Mayor helps Armory by having a 'ball'

On Saturday night, the movers and shakers of Cottage Grove packed the Armory for the third annual Mayor’s Ball and while the event aims to raise funds for long-held dream of remodeling the exterior of the building, it was the interior that drew comparisons to a wonderland. 

“It was absolutely wonderful,” said city councilor Kenneth Roberts. “The ambience in that room was absolutely beautiful. As someone who sets up lights professionally, it was amazing.”

Lighted clouds hung from the ceiling and attendees walked a carpet flanked on either side by white lights before taking their seats for an evening that revolved around sustainability. 

The Armory’s current existence has been touted as an example of recycling after the city purchased the building in 2009, restoring windows, floors and treating the building for lead paint and dust. It’s been the site of several community functions including fundraisers, banquets and for the last three years, the Mayor’s Ball. 

Jeff Gowing has presided over the ball for the last three years and this year was no different. He spoke about the ball Monday night saying, “It was a lot of fun, I had a lot of fun. Though, my wife probably had more fun because she spent a lot of money. I had fun, the food was great, I went back and thanked the caterers.”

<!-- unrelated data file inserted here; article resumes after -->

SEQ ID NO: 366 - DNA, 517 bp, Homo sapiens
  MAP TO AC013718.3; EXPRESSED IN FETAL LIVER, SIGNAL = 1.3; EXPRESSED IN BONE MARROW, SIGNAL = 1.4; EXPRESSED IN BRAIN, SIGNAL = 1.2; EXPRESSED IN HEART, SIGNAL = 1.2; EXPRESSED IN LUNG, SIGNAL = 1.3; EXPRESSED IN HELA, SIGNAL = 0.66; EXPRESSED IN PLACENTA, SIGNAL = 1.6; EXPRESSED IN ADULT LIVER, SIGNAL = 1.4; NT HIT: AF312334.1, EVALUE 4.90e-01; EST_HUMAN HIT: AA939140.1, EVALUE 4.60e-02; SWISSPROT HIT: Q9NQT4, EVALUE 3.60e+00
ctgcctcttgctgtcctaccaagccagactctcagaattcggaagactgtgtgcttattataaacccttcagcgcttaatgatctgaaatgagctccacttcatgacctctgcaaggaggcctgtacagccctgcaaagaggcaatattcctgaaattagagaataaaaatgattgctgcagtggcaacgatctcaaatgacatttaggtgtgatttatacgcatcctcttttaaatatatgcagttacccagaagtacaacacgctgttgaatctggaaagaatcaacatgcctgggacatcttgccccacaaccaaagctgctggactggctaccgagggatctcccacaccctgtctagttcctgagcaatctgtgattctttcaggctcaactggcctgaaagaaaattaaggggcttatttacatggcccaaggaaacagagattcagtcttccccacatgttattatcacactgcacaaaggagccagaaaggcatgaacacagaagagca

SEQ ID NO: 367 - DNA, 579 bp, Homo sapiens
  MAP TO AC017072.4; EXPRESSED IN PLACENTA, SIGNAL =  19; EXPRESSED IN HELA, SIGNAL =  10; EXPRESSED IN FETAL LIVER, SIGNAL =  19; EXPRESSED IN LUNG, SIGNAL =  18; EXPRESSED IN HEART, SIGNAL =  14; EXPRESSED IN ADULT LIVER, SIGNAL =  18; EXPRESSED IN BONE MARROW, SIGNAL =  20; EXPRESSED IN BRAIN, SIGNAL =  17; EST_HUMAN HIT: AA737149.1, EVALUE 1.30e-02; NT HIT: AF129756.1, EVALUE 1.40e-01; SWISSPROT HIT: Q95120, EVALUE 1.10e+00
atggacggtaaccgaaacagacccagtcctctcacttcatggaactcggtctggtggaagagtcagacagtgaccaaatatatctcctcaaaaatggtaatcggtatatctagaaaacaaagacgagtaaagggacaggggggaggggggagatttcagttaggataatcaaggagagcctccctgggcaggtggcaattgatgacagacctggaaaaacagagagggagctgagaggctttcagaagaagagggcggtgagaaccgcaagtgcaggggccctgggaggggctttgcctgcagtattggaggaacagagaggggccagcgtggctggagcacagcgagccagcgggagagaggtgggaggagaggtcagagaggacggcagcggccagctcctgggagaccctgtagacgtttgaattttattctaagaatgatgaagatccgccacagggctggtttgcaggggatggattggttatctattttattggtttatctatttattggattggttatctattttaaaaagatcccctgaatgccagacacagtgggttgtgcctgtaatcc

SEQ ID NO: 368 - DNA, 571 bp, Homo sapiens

The Paktech-sponsored event was the latest in an effort to raise funds for the remainder of the remodeling still needed for the building. According to the city manager’s office, the dancing, desert dashes, silent auctions featuring trips across the country and the live band managed to bring in $89,000 on Saturday night. 

“It was nearly $90,000,” said city manager Richard Meyers, "and that’s a rough number, there still might be some additions and subtractions as we go through and make sure people weren’t counted twice. And that’s gross, that’s before we go through and pay for the meals and the money goes back into the Armory trust fund to pay for the building’s remodel.”

The Armory has already undergone several phases of its reconstruction including brand new windows after the city discovered failing panes on the original windows and lead paint around the edges. The windows were not the only place lead was discovered. Last year, after several media reports indicating that the city was not properly cleaning the building's lead, the city manager's office released new lead testing that showed all of the building's lead levels had decreased from initial test readings conducted when the city first purchased the building. The only area the lead levels had increased was in the drill hall--the area most used for community events--in a corner of the room by the stairs and outside entrance. At the time, Meyers attributed the elevated level to the fact that the building's exterior stairs were painted with lead paint and the contaminate was being tracked in on visitor's shoes. 

The remodel of the Armory will include a new fascade on the exterior, handicap accessible entrances, a remodel of the facility's restrooms and other modern additions. To view the plans for the remodel, visit the city's website at

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